The German Democratic Republic: Jugendweihe (1959)


In the GDR, the Jugendweihe (a kind of secular confirmation ceremony) was an emotionally and politically charged ritual that aimed to introduce young people to the new socialist state and anchor them to the new order. The following late-1950s newsreel reportage on the subject opens with a quote from GDR politician Walter Ulbricht about the Buchenwald concentration camp. This production decision is telling, insofar as it suggests that the GDR saw itself as “the better German state,” or as the state that was not the legal successor to the Nazi state. A political-public ritual, the Jugendweihe also represented a private rite of passage from childhood to youth; it was a celebration that brought gifts and an opportunity to dance with adults, with the radio as a symbol of technical progress for the future. This reportage was from Der Augenzeuge [The Eyewitness], a newsreel produced in the GDR by the state film company DEFA.


The Eyewitness 1959_B 32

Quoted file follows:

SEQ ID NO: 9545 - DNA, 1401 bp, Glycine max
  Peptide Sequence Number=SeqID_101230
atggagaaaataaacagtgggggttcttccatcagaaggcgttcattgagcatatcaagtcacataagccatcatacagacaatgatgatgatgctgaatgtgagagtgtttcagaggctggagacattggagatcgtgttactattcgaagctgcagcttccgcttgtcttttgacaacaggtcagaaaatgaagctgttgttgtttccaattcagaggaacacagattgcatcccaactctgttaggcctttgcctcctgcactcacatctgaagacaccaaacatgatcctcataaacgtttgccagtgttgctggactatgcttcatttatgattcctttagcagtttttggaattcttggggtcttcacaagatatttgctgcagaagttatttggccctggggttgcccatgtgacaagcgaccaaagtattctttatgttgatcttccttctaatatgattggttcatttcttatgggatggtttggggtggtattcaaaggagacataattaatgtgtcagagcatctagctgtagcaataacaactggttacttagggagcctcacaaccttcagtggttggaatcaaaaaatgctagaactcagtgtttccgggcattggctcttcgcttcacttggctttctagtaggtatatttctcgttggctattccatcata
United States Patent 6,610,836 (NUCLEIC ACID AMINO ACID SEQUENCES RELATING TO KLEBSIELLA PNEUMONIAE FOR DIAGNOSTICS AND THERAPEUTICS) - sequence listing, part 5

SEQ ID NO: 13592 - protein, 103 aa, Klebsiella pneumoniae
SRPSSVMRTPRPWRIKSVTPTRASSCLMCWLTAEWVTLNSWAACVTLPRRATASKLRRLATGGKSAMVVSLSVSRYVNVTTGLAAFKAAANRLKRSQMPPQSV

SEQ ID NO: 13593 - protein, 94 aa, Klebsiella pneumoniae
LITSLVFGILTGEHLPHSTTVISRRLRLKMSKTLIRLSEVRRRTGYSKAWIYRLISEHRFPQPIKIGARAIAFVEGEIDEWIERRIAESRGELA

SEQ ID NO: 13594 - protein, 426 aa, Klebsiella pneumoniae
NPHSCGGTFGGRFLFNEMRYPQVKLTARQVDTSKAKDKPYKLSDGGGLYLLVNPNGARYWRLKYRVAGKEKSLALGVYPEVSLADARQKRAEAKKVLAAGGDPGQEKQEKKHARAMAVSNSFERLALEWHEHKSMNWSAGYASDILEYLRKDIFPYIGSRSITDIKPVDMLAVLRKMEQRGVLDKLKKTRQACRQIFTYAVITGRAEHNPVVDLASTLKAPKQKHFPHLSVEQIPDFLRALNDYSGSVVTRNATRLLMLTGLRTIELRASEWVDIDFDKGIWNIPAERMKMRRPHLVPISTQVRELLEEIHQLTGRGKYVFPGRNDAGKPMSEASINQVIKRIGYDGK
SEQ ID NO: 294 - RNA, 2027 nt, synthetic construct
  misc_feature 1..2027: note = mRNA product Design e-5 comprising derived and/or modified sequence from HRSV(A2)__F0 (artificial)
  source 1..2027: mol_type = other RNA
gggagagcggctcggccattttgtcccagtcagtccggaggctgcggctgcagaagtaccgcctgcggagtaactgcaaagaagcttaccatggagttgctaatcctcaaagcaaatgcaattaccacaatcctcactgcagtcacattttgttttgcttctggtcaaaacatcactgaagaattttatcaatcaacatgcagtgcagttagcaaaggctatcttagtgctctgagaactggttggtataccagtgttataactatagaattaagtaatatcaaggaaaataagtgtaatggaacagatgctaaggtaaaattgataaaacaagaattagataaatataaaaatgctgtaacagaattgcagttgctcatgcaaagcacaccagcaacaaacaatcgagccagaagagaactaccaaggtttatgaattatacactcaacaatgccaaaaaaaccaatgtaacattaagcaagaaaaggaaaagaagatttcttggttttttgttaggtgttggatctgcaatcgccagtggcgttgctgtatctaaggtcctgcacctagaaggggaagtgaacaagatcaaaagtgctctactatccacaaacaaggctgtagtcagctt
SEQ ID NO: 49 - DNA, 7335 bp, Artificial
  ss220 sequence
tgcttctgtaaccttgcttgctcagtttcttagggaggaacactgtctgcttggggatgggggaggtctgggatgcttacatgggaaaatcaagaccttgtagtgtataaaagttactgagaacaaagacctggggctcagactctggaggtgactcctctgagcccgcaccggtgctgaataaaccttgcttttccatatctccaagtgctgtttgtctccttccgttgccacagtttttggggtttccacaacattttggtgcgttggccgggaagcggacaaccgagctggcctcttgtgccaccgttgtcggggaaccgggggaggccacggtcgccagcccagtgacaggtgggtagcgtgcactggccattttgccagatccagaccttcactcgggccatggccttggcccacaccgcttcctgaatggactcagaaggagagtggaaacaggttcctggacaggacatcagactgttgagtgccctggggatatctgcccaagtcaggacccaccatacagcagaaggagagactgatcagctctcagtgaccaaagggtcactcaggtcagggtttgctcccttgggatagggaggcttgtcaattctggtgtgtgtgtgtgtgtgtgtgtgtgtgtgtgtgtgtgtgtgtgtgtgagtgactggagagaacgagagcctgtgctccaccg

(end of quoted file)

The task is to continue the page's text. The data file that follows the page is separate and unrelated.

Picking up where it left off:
Jugendweihe 1959

Jugendweihe candidates from the district of Genthin visit the National Memorial in Buchenwald. There, at the site of the murder of Ernst Thälmann, who remains unforgotten, the boys and girls vowed to work on behalf of the socialist future.

Ceremony in Berlin.

National Prize winner Professor Hänselmann officially welcomed the Jugendweihe candidates into adulthood and wished them success and joy in the next chapter of their lives.  

With her family present, Siegrid Undeutsch’s Jugendweihe was an unforgettable experience. The first congratulants were the representatives of her apartment building’s residential community; they added their present to the table of gifts.

Siegrid wants to become a physical education teacher. Daddy and Mummy wished their daughter much creative inspiration and success. The first dance was of course with Siegrid, who will always remember her Jugendweihe.

Source: Der Augenzeuge 1959/B 32 (GDR newsreel): Jugendweihe candidates visit Buchenwald; Jugendweihe in Berlin with Professor Henselmann; original: 35mm film, digitized. All newsreels from Augenzeuge are available online at:

© Progress Film Halle/Saale

Mary Fulbrook, A History of Germany, 1918-2014: The Divided Nation. Chichester, UK: Wiley-Blackwell, 2015.

The German Democratic Republic: Jugendweihe (1959), published in: German History Intersections, <> [November 28, 2023].